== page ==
galfast (Juric et al. 2008, see also Juric et al. 2010, 401.25, BAAS, 42) is a GPU-accelerated generator of flux-limited realizations of Galactic models. It is capable of generating catalogs for arbitrary, user-supplied Milky Way models, including empirically derived ones. The built-in model set is based on fits to SDSS stellar observations over 8000 deg2 of the sky, described in the “Milky Way Tomography with SDSS” series of papers (Juric et al. 2008, Ivezic et al. 2008, Bond et al. 2010). It includes a three-dimensional dust distribution map based on Amores and Lepine (2005), and Schlegel et al. (1998).

Because of the capability to use empirically derived models, galfast typically produces closer matches to the actual observed counts and color-magnitude diagrams. In particular, galfast-generated catalogs are used to derive the stellar component of  “Universe Model” catalogs used by the LSST Project.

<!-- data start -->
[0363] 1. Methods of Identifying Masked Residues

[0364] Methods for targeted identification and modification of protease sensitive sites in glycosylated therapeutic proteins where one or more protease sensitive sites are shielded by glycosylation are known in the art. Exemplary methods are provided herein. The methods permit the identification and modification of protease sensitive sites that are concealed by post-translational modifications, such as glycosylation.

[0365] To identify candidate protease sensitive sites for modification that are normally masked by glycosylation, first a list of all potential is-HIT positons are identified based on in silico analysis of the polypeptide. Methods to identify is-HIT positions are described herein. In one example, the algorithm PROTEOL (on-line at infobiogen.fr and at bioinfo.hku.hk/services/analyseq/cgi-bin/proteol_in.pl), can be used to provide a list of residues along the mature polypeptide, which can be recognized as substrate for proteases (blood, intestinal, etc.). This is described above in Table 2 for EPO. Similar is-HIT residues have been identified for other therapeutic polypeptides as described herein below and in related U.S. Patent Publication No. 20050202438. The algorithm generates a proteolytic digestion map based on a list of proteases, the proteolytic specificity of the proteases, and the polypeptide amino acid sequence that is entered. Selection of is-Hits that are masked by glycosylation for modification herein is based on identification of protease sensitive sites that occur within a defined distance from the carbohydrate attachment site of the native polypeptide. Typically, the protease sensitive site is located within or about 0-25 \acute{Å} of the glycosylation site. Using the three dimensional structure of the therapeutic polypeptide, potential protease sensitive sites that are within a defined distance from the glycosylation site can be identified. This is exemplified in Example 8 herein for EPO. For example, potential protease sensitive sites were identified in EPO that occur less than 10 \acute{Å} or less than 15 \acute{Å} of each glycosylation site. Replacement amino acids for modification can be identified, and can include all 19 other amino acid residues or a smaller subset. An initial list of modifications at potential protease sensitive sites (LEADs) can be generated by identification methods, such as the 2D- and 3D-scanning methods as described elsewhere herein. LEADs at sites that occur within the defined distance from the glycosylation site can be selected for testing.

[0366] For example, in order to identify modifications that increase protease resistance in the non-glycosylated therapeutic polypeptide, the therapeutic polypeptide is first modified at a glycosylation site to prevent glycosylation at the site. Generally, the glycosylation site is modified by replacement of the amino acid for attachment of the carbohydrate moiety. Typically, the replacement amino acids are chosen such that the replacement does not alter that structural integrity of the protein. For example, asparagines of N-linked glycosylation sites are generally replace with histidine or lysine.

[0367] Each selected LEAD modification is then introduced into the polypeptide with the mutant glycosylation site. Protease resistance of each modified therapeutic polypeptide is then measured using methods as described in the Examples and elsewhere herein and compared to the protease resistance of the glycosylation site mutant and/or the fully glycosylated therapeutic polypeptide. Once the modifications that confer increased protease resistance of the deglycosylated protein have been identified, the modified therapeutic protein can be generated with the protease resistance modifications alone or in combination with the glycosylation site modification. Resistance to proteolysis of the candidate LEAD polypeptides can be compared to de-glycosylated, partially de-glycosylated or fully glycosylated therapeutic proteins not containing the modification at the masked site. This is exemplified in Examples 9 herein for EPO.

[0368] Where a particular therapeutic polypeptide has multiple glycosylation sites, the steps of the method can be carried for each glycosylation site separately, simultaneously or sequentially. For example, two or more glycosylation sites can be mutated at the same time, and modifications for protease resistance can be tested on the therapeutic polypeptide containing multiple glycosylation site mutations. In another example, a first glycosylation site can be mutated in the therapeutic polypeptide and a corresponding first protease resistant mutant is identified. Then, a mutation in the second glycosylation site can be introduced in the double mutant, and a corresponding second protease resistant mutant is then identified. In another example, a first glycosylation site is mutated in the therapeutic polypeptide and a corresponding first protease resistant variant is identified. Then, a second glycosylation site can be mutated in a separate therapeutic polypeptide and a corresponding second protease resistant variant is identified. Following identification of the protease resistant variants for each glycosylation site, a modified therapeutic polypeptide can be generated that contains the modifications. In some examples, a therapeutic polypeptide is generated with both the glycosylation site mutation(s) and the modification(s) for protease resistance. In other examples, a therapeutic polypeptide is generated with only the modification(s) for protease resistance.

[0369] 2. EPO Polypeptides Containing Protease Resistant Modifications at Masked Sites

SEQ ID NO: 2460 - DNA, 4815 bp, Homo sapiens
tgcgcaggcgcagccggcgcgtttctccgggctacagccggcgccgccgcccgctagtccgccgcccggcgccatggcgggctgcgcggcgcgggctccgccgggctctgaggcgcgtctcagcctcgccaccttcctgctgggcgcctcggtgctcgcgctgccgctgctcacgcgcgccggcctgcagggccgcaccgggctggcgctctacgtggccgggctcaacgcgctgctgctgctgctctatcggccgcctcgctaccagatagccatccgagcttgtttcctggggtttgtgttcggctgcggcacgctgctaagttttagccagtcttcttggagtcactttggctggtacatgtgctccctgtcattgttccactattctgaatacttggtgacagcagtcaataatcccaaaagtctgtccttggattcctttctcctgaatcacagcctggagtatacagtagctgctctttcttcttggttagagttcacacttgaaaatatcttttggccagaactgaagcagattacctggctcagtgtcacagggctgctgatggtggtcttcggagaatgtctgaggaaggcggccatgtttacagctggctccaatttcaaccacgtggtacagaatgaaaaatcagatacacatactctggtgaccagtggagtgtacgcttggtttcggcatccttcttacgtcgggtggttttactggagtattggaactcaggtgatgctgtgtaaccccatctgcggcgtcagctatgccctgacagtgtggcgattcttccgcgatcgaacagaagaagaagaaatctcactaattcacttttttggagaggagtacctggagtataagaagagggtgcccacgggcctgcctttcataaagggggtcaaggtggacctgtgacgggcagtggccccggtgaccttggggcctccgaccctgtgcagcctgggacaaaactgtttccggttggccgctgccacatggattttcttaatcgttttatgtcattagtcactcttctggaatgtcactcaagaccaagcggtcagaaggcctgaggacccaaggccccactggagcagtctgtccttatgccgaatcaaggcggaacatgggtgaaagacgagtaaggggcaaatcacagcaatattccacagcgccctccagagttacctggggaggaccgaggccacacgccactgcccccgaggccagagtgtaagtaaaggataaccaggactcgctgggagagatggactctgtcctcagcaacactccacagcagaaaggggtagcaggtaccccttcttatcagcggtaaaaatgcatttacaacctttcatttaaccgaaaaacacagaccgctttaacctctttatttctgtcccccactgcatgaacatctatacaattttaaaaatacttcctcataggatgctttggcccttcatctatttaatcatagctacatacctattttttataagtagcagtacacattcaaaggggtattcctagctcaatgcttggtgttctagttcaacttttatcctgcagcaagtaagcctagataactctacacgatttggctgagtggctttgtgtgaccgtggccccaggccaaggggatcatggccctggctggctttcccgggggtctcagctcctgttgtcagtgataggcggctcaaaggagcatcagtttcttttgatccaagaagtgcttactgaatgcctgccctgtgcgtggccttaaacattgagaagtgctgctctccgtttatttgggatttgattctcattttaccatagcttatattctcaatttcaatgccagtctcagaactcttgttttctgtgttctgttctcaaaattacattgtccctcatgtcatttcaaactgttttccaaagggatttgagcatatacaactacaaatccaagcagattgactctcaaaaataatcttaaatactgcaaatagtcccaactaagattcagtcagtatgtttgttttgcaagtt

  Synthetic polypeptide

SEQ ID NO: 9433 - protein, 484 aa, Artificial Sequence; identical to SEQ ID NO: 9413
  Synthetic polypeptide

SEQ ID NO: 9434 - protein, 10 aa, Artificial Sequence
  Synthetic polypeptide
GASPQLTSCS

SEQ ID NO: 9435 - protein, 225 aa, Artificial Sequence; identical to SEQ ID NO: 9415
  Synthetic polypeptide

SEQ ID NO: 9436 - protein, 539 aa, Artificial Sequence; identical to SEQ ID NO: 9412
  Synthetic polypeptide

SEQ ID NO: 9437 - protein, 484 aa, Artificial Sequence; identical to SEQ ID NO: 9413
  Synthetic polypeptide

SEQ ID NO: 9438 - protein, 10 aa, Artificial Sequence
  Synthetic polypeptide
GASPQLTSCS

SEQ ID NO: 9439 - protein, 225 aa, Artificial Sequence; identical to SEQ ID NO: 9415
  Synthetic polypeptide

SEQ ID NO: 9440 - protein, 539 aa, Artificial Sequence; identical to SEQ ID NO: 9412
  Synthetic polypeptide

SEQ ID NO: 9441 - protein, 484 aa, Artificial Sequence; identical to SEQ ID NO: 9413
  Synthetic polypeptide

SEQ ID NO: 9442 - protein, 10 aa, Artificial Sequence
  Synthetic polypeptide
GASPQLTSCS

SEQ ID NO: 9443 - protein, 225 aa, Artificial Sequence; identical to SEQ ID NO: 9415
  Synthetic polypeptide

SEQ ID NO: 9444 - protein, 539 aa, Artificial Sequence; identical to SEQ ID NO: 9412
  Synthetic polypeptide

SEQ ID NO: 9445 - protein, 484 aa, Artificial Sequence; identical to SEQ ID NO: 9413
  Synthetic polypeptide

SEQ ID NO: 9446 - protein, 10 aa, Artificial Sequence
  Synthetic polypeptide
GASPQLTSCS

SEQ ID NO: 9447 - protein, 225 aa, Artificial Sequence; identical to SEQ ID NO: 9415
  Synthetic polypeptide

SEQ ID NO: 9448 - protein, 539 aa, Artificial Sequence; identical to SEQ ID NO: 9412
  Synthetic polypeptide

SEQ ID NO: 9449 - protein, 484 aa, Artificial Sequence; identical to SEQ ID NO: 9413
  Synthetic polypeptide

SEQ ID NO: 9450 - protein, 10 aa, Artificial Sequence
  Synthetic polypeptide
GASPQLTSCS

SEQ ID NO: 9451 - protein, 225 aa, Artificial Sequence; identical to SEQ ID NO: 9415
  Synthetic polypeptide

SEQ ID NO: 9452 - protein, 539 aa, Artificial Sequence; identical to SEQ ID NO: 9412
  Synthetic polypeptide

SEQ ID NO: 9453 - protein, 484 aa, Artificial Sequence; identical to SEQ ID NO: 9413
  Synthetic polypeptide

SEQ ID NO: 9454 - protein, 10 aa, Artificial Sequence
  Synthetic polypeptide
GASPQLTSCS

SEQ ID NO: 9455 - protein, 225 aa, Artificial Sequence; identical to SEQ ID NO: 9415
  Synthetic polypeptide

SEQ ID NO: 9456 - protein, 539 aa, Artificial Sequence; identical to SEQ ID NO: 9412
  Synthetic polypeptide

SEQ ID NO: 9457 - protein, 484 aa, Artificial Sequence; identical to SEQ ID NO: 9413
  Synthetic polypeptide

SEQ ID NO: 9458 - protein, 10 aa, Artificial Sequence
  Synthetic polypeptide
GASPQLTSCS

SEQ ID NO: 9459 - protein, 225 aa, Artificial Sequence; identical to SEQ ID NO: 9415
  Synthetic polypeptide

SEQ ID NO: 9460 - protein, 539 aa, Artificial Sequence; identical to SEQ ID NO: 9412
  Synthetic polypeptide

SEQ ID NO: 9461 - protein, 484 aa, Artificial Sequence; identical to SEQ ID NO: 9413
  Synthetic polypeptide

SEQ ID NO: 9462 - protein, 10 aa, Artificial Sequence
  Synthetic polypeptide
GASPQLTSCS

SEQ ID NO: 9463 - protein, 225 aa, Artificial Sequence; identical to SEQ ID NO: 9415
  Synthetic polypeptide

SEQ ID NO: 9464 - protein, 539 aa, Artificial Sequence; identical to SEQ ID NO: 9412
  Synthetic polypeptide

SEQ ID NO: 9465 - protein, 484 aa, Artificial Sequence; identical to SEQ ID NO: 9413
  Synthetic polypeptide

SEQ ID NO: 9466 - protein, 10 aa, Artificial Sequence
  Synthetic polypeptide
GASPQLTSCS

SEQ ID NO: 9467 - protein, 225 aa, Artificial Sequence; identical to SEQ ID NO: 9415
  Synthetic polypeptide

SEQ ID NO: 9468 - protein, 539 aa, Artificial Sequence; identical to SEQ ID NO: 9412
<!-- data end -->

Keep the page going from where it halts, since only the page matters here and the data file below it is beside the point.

A key distinguishing characteristic of galfast is its speed. Galfast uses the GPU (with kernels written in NVIDIA C/C++ for CUDA) to offload compute intensive model sampling computations to the GPU. On a mid-range GPU (single Tesla S1070 GPU), it is typically 25x to 200x faster than similar CPU implementations, depending on the details of the simulation being performed. This enables generation of realistic catalogs to full LSST depth in hours (instead of days or weeks), making it possible to study proposed science cases with high precision.

Ultimately, using the acceleration techniques developed for galfast, observational error distributions derived from observations or simulations (e.g., ImSim, in case of LSST), and the storage/query engines from LSD, we should be able to fully forward-model large survey datasets. Besides understanding the global properties of the observed datasets, this will allow us to mine for and discover rare and unexpected features.

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